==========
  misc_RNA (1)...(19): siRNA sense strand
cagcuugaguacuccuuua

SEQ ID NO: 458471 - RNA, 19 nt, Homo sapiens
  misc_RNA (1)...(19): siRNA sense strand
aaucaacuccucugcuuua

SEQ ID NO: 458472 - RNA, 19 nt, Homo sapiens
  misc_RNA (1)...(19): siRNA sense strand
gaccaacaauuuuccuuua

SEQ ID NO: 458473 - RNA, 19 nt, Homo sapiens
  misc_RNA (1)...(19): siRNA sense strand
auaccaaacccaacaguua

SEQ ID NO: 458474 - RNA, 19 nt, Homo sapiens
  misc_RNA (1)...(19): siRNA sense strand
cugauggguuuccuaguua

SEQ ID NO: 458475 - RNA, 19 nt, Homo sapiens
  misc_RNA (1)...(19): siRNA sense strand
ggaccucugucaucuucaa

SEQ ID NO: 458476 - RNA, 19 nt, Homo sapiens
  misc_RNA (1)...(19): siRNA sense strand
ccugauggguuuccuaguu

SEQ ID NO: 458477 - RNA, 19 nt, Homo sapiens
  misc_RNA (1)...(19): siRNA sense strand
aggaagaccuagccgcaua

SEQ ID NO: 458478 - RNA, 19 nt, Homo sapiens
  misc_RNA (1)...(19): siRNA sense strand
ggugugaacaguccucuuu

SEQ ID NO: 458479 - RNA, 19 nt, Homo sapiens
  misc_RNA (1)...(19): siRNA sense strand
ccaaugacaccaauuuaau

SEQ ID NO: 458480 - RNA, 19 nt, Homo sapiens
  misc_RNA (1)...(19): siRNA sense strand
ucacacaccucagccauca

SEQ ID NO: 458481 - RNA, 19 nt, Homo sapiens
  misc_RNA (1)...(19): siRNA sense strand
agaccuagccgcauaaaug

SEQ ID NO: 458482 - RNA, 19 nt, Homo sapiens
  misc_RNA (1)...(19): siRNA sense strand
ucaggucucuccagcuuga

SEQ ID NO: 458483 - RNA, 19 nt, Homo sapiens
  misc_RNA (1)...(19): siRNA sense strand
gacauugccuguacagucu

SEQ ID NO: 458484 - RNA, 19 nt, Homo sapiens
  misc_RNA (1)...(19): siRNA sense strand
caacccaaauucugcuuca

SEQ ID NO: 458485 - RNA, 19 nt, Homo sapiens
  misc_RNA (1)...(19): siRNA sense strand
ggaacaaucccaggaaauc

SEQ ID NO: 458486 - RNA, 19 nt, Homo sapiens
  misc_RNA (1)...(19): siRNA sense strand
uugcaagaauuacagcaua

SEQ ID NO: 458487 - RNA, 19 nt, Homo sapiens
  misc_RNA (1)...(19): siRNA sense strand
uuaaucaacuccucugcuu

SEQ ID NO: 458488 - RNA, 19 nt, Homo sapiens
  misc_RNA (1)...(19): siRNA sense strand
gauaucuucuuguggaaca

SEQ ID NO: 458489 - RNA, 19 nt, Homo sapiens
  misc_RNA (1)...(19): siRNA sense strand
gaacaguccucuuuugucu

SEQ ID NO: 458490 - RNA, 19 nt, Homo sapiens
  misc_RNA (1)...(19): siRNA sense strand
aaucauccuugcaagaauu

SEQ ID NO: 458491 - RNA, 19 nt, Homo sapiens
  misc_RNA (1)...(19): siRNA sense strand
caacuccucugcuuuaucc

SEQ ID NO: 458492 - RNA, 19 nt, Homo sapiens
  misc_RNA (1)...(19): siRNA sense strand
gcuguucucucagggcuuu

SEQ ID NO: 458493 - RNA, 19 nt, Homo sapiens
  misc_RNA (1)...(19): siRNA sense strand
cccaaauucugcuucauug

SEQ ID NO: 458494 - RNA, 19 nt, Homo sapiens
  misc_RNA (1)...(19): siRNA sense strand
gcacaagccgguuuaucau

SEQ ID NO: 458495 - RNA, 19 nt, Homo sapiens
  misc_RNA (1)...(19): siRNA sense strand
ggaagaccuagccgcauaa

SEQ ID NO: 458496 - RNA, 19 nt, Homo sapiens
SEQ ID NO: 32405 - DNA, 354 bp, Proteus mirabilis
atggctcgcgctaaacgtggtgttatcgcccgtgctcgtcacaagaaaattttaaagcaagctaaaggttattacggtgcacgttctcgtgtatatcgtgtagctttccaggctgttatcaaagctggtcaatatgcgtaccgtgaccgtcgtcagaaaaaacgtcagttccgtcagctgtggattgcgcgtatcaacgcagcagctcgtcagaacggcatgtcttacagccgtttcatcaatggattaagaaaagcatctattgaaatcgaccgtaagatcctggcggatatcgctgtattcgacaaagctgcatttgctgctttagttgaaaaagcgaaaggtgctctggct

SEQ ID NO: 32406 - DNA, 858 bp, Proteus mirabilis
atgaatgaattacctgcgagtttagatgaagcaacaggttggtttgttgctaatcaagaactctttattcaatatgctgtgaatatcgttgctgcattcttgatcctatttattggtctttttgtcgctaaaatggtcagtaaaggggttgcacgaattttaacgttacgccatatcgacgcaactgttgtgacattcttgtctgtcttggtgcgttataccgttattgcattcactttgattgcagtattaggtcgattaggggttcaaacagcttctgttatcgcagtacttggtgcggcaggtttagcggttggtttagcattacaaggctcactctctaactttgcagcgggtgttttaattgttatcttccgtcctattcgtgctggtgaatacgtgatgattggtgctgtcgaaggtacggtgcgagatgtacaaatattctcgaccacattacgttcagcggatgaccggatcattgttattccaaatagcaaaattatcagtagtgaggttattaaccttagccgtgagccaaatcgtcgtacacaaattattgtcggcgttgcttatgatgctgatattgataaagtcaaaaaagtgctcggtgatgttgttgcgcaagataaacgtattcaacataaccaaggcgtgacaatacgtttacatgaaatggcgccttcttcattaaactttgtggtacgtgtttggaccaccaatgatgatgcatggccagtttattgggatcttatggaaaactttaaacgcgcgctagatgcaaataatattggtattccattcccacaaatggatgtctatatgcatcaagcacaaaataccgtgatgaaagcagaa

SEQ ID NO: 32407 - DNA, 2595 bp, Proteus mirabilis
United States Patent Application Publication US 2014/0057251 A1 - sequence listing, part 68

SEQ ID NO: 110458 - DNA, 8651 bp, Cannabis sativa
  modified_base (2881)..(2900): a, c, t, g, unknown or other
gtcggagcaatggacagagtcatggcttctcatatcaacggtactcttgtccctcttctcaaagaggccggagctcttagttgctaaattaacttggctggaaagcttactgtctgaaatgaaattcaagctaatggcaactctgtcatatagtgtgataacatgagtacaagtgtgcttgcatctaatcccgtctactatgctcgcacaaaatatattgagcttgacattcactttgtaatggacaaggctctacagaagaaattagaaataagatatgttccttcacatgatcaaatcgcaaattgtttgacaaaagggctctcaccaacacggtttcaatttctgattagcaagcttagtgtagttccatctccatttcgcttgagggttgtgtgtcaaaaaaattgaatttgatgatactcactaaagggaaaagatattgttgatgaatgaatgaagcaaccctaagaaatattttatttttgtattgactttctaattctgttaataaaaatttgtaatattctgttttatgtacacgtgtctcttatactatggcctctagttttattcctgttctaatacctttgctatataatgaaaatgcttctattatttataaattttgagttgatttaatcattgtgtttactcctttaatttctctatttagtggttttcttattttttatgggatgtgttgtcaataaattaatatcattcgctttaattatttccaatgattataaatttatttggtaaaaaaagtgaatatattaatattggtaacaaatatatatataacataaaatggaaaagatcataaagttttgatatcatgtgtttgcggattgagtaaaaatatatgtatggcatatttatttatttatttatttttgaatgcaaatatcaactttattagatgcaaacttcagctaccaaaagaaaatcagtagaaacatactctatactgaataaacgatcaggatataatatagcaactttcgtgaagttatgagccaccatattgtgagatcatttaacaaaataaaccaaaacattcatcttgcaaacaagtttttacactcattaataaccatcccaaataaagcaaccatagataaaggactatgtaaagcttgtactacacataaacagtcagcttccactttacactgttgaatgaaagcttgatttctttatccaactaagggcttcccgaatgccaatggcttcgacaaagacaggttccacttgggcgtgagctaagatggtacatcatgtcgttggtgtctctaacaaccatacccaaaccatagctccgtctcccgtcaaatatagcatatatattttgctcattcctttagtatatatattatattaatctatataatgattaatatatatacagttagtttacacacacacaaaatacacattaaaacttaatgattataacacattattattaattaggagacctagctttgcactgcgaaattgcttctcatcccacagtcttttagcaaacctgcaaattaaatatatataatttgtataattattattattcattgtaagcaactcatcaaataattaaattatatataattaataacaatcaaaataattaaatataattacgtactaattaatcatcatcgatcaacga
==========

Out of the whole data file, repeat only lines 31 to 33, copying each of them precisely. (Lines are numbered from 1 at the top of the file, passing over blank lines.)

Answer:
  misc_RNA (1)...(19): siRNA sense strand
ucacacaccucagccauca

SEQ ID NO: 458481 - RNA, 19 nt, Homo sapiens